If the new administration of President-elect Donald Trump wishes to save some money in overseas military deployments, the unending, probably insolvable problem of Somalia is a good place to start.
Somalia has not had a credible, elected government in place in its capital, Mogadishu, for 26 years, since January 1991. Somalia’s population is 11 million, the country has no interesting resources — no oil, no minerals — and is mostly desert.
Nonetheless, the fact that Somalia hosts a hit-and-run Islamic movement, al-Shabab, “the youth” in the Somali language, has served as a justification for the U.S. military to set up its only major military base in Africa in Djibouti, on Somalia’s northern border. Djibouti, the former French Somaliland, has a population under a million. The U.S. base there, Camp Lemonnier, holds fighter bombers and several thousand troops and plays a role in a regional drone program. How much it has cost is hard to determine, masked in Pentagon budget fog.
The problem of Somalia has attracted considerable American and world attention since 1992, when President George H.W. Bush decided to put U.S. troops there to protect those delivering humanitarian aid to a suffering population from other, marauding Somalis. Almost all forces were withdrawn by President Bill Clinton in 1993 after Somalis killed some 18 Americans in Mogadishu, an episode captured in the book and film “Black Hawk Down.”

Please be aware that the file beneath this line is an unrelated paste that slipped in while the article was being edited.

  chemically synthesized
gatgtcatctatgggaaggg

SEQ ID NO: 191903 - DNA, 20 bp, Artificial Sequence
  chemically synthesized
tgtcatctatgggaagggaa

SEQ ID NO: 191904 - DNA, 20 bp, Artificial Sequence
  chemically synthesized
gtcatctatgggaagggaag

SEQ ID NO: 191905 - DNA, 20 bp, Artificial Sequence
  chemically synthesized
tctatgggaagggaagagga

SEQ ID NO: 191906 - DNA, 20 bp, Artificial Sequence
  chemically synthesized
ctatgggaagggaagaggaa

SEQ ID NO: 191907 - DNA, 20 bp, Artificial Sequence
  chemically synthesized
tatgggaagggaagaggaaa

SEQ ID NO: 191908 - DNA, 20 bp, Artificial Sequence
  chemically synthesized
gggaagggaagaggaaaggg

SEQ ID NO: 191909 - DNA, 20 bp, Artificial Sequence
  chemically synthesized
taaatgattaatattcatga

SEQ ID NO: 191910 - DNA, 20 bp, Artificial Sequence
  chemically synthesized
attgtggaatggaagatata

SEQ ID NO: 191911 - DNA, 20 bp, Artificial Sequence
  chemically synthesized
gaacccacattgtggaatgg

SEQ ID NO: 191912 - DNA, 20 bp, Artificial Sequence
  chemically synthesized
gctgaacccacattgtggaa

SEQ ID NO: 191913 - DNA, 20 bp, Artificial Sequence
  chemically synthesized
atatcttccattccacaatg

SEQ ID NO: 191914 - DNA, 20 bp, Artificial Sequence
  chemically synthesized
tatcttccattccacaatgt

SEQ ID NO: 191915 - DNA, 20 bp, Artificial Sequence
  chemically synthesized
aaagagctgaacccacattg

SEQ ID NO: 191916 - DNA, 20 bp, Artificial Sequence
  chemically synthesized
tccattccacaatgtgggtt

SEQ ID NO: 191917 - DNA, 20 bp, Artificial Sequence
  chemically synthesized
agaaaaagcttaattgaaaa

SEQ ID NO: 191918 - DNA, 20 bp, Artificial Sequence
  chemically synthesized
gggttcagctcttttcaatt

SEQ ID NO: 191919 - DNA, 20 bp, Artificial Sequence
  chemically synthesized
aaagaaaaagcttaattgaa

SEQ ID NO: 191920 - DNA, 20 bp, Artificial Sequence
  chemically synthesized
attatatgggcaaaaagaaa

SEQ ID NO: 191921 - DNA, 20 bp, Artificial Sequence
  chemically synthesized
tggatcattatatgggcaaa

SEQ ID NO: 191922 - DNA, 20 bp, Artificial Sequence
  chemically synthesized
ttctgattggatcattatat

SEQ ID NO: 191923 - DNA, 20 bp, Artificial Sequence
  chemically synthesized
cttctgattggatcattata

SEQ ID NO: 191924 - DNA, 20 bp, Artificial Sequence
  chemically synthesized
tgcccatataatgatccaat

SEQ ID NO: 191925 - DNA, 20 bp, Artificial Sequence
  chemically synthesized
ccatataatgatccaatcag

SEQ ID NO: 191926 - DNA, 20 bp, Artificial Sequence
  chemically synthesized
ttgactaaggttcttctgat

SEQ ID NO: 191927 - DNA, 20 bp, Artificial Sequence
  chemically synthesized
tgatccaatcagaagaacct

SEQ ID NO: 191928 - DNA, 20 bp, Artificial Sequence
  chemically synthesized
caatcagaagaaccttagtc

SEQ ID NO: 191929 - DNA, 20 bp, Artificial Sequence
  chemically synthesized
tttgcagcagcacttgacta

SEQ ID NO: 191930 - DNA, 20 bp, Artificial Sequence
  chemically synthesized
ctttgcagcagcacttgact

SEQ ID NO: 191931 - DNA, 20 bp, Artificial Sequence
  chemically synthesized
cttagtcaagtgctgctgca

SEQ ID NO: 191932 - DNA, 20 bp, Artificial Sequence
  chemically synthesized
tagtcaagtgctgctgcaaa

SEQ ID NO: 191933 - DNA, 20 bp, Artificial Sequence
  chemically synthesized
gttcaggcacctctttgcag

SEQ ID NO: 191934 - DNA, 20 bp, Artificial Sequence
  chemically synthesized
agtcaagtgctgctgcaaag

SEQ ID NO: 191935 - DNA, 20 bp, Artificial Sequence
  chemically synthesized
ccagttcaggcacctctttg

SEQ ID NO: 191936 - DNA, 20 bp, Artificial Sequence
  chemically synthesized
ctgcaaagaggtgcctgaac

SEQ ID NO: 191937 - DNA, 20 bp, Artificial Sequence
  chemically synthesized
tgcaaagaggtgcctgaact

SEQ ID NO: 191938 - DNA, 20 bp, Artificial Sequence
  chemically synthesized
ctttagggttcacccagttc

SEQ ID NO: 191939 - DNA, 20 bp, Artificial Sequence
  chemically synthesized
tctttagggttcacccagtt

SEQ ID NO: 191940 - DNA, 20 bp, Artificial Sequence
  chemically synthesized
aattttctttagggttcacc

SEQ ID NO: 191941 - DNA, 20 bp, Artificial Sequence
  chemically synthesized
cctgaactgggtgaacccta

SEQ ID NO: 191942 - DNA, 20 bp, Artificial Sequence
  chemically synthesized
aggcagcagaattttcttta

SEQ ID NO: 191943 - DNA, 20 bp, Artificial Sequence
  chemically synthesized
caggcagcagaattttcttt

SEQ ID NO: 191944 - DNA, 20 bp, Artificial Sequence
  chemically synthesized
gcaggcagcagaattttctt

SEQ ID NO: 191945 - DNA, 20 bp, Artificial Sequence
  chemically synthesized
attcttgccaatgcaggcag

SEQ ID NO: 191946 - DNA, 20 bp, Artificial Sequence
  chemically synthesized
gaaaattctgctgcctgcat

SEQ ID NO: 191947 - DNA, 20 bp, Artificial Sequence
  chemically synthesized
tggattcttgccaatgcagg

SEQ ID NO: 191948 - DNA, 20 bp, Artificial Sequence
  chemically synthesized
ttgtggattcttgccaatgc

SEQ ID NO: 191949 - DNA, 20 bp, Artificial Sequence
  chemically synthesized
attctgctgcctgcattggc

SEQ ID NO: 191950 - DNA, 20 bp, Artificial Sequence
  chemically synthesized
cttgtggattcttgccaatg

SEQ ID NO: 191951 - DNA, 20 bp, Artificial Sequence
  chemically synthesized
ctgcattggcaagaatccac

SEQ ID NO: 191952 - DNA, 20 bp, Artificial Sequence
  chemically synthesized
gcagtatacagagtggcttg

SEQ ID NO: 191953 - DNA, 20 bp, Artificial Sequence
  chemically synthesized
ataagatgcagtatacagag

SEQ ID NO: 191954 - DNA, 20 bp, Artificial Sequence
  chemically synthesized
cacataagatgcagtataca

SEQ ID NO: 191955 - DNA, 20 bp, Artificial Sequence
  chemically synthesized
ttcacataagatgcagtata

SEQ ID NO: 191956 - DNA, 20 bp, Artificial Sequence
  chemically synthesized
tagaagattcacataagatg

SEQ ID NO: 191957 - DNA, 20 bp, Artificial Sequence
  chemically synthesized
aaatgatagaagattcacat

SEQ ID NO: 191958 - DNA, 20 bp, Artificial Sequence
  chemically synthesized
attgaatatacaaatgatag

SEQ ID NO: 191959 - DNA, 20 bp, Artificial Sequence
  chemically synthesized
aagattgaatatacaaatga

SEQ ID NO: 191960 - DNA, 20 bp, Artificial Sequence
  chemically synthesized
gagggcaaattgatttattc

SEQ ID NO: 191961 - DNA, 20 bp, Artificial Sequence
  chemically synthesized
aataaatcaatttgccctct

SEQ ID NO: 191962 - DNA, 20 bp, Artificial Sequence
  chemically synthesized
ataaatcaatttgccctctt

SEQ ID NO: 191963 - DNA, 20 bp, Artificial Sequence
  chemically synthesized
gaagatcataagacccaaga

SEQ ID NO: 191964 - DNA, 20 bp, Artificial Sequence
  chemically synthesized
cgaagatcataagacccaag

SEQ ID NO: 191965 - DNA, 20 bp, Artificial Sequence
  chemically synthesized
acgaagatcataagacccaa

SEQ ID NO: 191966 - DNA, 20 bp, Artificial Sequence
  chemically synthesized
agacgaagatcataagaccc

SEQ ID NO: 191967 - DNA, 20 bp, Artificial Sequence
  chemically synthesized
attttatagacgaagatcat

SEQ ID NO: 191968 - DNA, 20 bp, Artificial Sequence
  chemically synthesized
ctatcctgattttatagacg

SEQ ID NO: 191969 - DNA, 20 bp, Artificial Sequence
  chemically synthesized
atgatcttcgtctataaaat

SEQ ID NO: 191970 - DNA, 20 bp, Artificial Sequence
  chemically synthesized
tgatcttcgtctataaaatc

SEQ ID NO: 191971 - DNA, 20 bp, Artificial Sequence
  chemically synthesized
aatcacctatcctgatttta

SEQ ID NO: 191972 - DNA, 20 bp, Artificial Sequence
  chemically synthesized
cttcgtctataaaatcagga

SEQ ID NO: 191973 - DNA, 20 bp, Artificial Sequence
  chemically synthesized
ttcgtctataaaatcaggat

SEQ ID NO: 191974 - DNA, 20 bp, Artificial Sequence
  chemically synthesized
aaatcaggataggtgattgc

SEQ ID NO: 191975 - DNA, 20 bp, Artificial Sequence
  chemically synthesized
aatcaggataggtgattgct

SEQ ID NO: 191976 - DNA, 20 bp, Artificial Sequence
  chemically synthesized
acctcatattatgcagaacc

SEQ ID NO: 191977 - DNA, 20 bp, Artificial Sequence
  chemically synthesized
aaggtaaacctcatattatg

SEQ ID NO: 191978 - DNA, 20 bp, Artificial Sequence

Since then, an expensive coalition of United Nations and African Union troops has strived mightily to put together a credible Somali government, basically without success. The latest failure to do so was outlined in a U.N. report released Dec. 27, which described the most recent mess that Somali elders and other leaders had made of choosing a parliament that will, in principle, elect a president later this month. Among other democracy-abusing measures, the so-called National Leadership Forum raised the number of members of the upper house of the new legislature from 54 to 75, completely outside the Somalia constitution, to provide more internationally financed jobs for legislators.
There is just no reason for 26 years of corruption-based insecurity in Somalia to continue to serve as the justification for an expensive American base in northeast Africa. It is clearly time for the new administration to red-pencil Camp Lemonnier out.